Hal R. Blanchard is the principal estate planning attorney at Rotole, Rotole & Blanchard, L.L.C., assisting clients in the Denver Metropolitan Area with their estate planning needs. Mr. Blanchard has nearly four decades of experience as a probate, trust and estate lawyer, and prepares individually tailored estate planning documents designed to accomplish the goals of the client, avoid probate administration, and minimize any tax implications.
Revocable Living Trusts
A living trust is a document which you create during your lifetime which allows you to specify who will manage the assets of the trust (the "successor trustee") and who will receive the assets of the trust (the trust beneficiaries") after your death. During your lifetime, you are typically named as both the trustee and the beneficiary of the trust, ensuring that you still have complete use and control over your assets. As the name implies, you can revoke the trust or make changes to the provisions of the trust during your lifetime.
A living trust offers certain advantages over a simple will:
- Probate Avoidance: Upon your death, the assets of a properly funded living trust are distributed to the beneficiaries of your trust, in the manner specified in the trust, without having to pass through probate. A living trust allows you to avoid the costs and time delay associated with probate administration.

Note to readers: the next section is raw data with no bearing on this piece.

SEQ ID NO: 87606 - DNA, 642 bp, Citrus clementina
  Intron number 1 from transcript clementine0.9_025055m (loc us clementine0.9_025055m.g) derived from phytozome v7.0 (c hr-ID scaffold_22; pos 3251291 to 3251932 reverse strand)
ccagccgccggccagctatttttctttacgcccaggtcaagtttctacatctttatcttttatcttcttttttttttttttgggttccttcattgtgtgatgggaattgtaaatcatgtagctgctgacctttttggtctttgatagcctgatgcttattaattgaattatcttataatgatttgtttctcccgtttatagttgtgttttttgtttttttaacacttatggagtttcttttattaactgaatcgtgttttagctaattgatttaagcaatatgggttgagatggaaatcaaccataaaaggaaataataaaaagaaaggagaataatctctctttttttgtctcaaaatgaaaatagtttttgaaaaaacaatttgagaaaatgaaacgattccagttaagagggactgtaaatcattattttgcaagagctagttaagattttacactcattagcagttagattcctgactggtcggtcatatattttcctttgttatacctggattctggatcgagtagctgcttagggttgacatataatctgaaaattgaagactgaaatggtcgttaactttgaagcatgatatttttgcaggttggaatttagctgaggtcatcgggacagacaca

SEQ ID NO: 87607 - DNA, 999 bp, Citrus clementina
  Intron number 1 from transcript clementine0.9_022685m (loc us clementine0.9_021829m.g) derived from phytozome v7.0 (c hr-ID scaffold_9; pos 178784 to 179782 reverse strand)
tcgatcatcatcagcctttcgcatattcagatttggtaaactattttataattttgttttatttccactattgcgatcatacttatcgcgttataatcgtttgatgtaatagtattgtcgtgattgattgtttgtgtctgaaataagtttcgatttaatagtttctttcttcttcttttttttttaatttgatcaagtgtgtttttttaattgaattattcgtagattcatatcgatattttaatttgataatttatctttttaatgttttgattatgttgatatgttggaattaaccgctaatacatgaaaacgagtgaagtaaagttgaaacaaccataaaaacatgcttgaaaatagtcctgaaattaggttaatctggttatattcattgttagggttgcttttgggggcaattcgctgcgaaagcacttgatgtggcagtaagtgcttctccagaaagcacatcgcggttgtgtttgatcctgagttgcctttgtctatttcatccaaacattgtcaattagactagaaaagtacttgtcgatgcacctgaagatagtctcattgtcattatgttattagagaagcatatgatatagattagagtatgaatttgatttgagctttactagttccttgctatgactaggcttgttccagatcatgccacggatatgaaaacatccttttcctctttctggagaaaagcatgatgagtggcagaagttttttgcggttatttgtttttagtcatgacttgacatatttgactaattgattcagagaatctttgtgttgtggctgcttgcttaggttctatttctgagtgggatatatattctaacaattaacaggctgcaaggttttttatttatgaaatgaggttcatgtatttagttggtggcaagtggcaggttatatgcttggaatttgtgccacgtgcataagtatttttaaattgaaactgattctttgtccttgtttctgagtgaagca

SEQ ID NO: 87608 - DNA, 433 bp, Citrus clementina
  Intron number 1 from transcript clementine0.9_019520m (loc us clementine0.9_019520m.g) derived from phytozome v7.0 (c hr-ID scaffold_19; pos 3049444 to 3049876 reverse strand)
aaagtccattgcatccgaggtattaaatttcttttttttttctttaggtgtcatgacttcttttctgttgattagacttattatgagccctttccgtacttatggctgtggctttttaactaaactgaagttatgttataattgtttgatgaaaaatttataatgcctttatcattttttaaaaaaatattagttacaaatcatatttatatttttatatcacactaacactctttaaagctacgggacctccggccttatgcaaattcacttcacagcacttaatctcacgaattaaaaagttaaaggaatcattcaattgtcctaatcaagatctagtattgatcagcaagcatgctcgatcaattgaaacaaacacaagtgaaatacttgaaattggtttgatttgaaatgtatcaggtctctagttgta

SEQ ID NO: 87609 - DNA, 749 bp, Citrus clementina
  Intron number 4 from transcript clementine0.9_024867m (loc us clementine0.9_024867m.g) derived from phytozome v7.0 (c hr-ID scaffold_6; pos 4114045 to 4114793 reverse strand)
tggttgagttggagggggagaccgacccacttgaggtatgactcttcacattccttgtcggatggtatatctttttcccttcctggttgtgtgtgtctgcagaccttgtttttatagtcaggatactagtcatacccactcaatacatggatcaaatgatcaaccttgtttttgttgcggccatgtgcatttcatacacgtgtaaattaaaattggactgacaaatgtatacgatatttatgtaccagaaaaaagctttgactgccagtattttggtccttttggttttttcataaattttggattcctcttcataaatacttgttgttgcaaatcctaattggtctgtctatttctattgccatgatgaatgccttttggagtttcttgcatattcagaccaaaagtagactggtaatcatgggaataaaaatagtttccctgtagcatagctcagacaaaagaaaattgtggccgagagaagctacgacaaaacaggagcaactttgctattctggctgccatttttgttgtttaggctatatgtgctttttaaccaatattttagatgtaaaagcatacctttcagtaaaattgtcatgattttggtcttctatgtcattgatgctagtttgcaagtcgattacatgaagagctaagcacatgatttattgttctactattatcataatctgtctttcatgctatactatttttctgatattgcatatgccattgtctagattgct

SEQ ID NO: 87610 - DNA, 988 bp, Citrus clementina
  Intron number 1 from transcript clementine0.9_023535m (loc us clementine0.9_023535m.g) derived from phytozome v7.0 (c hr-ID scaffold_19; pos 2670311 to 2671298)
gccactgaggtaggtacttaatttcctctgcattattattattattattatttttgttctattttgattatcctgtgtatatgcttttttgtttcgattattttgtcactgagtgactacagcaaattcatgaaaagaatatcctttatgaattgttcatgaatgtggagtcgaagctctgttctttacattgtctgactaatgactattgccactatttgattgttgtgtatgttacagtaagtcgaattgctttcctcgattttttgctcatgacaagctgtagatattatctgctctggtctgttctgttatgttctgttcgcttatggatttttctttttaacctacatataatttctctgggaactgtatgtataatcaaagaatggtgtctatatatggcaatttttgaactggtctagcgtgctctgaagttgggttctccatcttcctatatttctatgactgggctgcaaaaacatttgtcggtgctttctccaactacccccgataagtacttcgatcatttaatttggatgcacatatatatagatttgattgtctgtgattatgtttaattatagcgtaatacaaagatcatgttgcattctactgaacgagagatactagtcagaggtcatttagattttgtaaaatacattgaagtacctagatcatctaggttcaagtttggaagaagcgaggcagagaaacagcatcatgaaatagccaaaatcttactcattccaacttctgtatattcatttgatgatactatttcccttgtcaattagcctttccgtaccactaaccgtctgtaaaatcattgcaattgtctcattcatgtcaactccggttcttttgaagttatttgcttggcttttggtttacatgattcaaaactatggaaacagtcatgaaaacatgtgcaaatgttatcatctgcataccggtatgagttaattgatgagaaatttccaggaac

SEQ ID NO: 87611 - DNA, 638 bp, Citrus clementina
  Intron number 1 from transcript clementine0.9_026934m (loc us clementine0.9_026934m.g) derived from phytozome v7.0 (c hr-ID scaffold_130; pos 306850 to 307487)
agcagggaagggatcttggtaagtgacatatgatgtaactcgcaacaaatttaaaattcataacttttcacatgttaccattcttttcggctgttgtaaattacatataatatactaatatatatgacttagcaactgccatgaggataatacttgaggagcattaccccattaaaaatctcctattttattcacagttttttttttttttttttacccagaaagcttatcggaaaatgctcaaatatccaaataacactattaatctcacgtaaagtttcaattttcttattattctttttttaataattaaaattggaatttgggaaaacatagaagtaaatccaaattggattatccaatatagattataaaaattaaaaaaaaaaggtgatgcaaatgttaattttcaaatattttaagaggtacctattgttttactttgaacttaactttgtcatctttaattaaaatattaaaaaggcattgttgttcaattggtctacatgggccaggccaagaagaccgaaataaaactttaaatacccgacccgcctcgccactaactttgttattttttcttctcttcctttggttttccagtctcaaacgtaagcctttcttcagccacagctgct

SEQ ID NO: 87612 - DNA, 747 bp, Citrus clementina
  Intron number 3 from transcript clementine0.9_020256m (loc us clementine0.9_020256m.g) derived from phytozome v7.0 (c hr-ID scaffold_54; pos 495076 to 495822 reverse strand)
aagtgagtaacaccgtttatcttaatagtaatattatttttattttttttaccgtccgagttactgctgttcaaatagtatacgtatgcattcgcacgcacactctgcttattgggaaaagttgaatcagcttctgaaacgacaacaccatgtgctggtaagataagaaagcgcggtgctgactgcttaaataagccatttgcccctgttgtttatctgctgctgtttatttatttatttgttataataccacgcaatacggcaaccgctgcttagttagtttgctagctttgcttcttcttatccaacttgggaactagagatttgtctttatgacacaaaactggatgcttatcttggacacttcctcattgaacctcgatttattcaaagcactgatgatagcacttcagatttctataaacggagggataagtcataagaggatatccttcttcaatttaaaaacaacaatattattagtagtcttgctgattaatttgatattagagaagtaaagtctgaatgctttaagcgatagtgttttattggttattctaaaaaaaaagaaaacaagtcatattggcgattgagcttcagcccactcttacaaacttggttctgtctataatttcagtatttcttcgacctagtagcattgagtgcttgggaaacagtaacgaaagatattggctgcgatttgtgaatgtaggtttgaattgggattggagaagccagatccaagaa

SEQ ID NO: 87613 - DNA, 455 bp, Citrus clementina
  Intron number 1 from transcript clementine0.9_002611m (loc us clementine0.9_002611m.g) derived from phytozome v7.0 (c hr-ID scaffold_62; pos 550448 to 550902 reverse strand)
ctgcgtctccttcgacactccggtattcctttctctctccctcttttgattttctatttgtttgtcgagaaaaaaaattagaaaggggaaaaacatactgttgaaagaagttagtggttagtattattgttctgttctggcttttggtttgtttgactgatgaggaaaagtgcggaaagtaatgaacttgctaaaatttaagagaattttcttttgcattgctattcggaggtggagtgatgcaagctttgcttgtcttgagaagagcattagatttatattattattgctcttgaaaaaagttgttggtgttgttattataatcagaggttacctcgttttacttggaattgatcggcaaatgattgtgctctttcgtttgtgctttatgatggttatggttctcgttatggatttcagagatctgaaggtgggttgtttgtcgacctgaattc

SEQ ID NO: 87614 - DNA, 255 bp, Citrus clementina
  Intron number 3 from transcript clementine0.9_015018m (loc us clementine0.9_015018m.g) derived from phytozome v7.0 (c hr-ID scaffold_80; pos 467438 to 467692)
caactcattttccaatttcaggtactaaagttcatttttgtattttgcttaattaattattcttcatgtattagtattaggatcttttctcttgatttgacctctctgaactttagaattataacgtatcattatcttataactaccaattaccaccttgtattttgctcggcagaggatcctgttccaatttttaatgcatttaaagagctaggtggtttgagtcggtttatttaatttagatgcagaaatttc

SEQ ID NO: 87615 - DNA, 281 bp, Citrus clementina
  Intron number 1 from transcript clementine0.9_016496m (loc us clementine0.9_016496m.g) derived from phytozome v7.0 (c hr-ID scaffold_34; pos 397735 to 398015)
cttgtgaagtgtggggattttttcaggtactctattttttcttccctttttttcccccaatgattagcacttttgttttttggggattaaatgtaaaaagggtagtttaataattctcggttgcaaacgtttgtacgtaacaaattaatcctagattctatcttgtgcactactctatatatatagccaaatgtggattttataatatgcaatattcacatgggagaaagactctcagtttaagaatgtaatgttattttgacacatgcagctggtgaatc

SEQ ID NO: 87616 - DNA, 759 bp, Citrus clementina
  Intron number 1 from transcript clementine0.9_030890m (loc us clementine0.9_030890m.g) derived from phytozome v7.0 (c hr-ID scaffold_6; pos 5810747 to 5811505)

- A Plan in Case of Incapacity: In the event you become incapacitated, your successor trustee will manage the trust assets on your behalf, avoiding the necessity for a financial conservatorship.
Mr. Blanchard also prepares simple wills for clients, as well as pour-over wills, which are wills which are designed to work in unison with a living trust. He frequently prepares estate plans for families with young children, and prepares wills with guardianship provisions for clients with minor children.
Financial Durable Powers of Attorney
A financial power of attorney is an important document that allows you to designate a person or persons to manage your financial affairs in case you become incapacitated. If you have a trust, your successor trustee will assume the management of the trust assets if you become incapacitated, but there are many other important financial decisions and functions, such as signing tax returns, that are handled through a financial power of attorney. Hence, even if you have a trust, you still need a financial power of attorney to ensure complete management of your finances in the event you are unable to make decisions for yourself.
Medical Durable Powers of Attorney and Living Wills
Advance health care directives such as medical durable powers of attorney and living wills allow you to designate a person or persons to make medical decisions on your behalf and carry out your wishes with regard to health care if you are unable to voice your opinion on these issues. You can also specify your wishes regarding issues such as life support, organ donation, final arrangements and other end-of-life decisions.
Mr. Blanchard also has expertise in wealth planning for clients with significant assets and high net-worth. He formulates comprehensive estate planning strategies that carefully consider income, gift, estate and generation-skipping transfer tax consequences.
To schedule a complimentary estate planning consultation with an experienced trust and estate attorney, contact Rotole, Rotole & Blanchard, L.L.C.